Aminex is desperate for cash, and can barely wait for Kiliwani North to come on stream in the first half of 2015, as is currently planned. Solos bung of $3.5million for a 6.5% slice of the project is like fresh air to a suffocating man.
Flowing gas is lifeblood to these minnows
The deal holds the promise of further spondulix for Aminex, as Solo Oil has a 45-day option to increase its interest in the project to 13%, at a cost of a further $3.5million. Its certainly music to the ears of long-suffering Aminex shareholders, and the ants-panted directors there will surely sit more easily now that the long-time Africa-focused firm is back on a more secure financial footing.
Yet the deal promises lifeblood for Solo, too, which is yet another junior oiler with no income, as the prospect of revenue from Kiliwani North will give the firm the means to carry on with its other projects.
Its no surprise that the two firms are scratching each others backs. Solo is already in bed with Aminex with the larger Ruvuma gas project, which Aminex operates.
Wheels within wheels
Judging by Solo Oils list of major shareholders mostly institutions on behalf of nominee account holders the firm has a large private-investor fan base. Yet the company is a different beast to Aminex, which gets down and dirty in the style of Red Adair, with oil on its hands and gas in its windpipe.
Solo Oil describes itself as an investment company. As such, it takes its investors money and splashes it around by buying chunks of projects operated by real oil firms such as Aminex. The latest Kiliwani North deal is typical. As well as interests in Africa, Solo Oil also has a Canadian investment, which its thinking of ditching due to lack of progress, and a slice of the Horse Hill prospect and associated licences on shore in the UK Weald basin, where drilling has just started.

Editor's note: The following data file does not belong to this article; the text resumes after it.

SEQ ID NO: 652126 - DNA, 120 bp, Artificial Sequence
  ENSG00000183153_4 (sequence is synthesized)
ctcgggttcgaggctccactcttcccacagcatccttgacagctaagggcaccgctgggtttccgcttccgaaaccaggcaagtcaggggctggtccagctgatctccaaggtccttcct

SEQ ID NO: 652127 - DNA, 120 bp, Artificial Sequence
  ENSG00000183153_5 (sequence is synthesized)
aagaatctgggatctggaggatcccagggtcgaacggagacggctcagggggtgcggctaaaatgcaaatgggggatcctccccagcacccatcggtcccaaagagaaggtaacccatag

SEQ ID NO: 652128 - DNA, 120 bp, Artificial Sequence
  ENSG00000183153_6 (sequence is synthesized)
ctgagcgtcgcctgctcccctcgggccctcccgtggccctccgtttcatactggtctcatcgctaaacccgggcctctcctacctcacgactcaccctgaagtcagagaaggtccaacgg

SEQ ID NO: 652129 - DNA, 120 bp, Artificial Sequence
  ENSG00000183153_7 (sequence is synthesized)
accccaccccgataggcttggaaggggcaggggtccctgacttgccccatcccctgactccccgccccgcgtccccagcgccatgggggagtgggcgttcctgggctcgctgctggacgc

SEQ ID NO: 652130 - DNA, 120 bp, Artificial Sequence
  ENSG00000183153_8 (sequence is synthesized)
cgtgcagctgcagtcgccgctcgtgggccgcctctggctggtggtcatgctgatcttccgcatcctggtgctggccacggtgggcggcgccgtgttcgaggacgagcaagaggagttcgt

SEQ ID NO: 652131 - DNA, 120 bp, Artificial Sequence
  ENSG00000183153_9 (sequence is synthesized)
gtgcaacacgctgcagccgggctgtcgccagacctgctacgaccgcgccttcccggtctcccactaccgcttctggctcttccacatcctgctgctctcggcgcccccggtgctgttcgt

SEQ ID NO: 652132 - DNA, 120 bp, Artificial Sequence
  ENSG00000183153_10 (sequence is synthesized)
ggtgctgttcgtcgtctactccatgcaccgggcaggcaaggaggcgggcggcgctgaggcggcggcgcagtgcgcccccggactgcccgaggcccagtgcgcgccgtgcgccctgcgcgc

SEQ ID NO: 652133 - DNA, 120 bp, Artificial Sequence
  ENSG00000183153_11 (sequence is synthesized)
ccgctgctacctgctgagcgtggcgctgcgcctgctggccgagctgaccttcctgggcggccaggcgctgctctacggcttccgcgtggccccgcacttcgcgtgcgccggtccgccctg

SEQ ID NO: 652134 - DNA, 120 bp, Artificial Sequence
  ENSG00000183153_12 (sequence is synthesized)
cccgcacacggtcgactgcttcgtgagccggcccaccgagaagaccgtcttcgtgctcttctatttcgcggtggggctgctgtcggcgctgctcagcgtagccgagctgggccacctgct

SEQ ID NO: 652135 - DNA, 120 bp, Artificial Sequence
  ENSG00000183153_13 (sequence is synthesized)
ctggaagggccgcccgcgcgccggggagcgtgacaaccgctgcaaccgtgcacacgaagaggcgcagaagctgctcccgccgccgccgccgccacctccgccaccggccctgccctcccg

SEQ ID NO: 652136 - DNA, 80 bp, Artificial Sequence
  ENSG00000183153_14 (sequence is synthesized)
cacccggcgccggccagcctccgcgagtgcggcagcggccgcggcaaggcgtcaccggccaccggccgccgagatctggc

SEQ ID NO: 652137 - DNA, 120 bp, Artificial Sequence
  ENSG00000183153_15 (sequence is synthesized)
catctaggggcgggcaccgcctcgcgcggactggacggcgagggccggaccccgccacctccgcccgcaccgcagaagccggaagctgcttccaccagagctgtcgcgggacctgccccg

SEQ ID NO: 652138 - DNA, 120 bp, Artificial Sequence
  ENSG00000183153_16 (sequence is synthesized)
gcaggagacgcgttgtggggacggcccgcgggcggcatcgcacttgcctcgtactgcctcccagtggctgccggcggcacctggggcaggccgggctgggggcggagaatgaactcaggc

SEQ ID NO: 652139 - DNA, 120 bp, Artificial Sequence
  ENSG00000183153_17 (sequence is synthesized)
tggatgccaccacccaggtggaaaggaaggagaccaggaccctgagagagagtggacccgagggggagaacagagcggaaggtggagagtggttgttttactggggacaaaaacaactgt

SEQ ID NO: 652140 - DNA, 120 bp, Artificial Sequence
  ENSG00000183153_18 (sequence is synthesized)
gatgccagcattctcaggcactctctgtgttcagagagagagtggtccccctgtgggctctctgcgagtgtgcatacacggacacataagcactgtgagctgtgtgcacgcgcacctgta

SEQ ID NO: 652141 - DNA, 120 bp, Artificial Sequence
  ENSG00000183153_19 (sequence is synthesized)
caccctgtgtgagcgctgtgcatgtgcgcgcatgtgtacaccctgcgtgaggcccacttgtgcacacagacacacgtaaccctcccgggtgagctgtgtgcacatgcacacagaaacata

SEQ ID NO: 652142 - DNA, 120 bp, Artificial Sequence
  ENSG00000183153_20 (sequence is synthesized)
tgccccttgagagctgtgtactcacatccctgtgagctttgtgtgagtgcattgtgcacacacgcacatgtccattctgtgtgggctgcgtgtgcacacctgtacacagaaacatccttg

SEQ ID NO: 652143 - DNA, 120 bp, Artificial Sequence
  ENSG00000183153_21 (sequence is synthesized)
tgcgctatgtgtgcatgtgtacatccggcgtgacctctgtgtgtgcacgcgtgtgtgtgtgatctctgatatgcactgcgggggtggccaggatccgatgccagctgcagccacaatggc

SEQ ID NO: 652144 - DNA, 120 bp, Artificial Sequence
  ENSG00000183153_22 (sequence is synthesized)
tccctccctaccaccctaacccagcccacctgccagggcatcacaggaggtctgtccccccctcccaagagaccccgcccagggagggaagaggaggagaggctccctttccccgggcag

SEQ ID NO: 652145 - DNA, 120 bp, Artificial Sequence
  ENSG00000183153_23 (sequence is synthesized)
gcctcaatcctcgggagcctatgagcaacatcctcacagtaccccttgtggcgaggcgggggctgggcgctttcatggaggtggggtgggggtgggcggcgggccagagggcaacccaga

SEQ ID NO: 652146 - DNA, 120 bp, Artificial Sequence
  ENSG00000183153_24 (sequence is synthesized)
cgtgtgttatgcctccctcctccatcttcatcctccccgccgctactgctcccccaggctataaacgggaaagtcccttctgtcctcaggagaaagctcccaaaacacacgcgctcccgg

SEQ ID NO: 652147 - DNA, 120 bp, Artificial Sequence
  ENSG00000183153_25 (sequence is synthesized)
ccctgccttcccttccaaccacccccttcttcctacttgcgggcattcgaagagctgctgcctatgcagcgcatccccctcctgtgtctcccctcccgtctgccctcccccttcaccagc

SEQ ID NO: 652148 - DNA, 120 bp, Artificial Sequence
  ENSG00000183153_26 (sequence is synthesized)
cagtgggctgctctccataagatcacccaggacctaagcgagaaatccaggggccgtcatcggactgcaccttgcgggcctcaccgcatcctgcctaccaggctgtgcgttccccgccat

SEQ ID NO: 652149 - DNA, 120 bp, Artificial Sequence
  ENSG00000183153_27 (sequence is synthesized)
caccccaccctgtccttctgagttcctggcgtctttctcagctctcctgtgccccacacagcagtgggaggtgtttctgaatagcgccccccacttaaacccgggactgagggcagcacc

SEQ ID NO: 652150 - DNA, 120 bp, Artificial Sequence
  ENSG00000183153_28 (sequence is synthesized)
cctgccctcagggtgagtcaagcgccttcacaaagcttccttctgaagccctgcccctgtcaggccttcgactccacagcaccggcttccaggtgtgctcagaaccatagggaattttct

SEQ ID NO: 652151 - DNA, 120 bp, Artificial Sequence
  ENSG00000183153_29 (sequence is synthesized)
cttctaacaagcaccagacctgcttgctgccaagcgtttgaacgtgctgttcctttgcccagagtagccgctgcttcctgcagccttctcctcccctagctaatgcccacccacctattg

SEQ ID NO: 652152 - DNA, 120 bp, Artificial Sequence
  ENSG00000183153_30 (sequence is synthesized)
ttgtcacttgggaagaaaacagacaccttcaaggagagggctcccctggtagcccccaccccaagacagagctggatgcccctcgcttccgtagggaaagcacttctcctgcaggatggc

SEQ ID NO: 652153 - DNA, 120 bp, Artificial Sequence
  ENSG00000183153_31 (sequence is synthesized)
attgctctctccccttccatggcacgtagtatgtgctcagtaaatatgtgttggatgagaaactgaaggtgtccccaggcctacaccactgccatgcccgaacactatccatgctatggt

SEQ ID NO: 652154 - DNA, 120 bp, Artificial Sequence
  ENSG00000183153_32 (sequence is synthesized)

Solo Oils chairman is serial entrepreneur David Lenigas, and those paying attention will recognise his name as a director of small-caps Leni Gas & Oil (LSE: LENI) and Rare Earth Minerals (LSE: REM), which Ive written about recently. Both those firms are private-investor favourites too capable of producing the wild share-price swings so beloved of small-cap investment operators like us. In a further twist, we can buy into the Horse Hill project, and other investments, via another vehicle chaired by David Lenigas, UK Oil & Gas Investments (LSE: UKOG).
I think UK Oil & Gas Investments may be flying under the radar at the moment, not least because it morphed from now-defunct serial disappointer Sarantel, which is a bit off putting to say the least! Right now, UK Oil & Gas Investments has a market cap of about 17 million, which compares to Solo Oils 40 million and Aminexs 36 million. Its probably worth digging deeper to see which of the three firms has the most bang for its buck in other words, which companys assets are most valuable.
Solo Oils strategy carries risk. Recently the firm said of its Canadian investment that the operator has been unable to raise the necessary funds to continue the development of the Ausable gas condensate field and no alternative has been found to unlock the potential. Thats grim, and underlines the fact that Solo has no control over operations because it is a passive partner.
A recent example of how partner drag can really stuff a share price exists with Trap Oil (LSE: TRAP). The firms multiple investments all looked good on paper, but all came to naught as partner after partner backed out of its commitments to progress particular projects. The risk is that Solo is powerless to resist a similar negative outcome.
Solo Oil is an interesting investment proposition, as is UK Oil & Gas Investments and Aminex. Im, perhaps, most tempted by Aminex, though, because of its controlling interests and operator status.
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Kevin Godbold owns shares in Aminex and UK Oil & Gas Investments. The Motley Fool UK has no position in any of the shares mentioned. We Fools don’t all hold the same opinions, but we all believe that considering a diverse range of insights makes us better investors.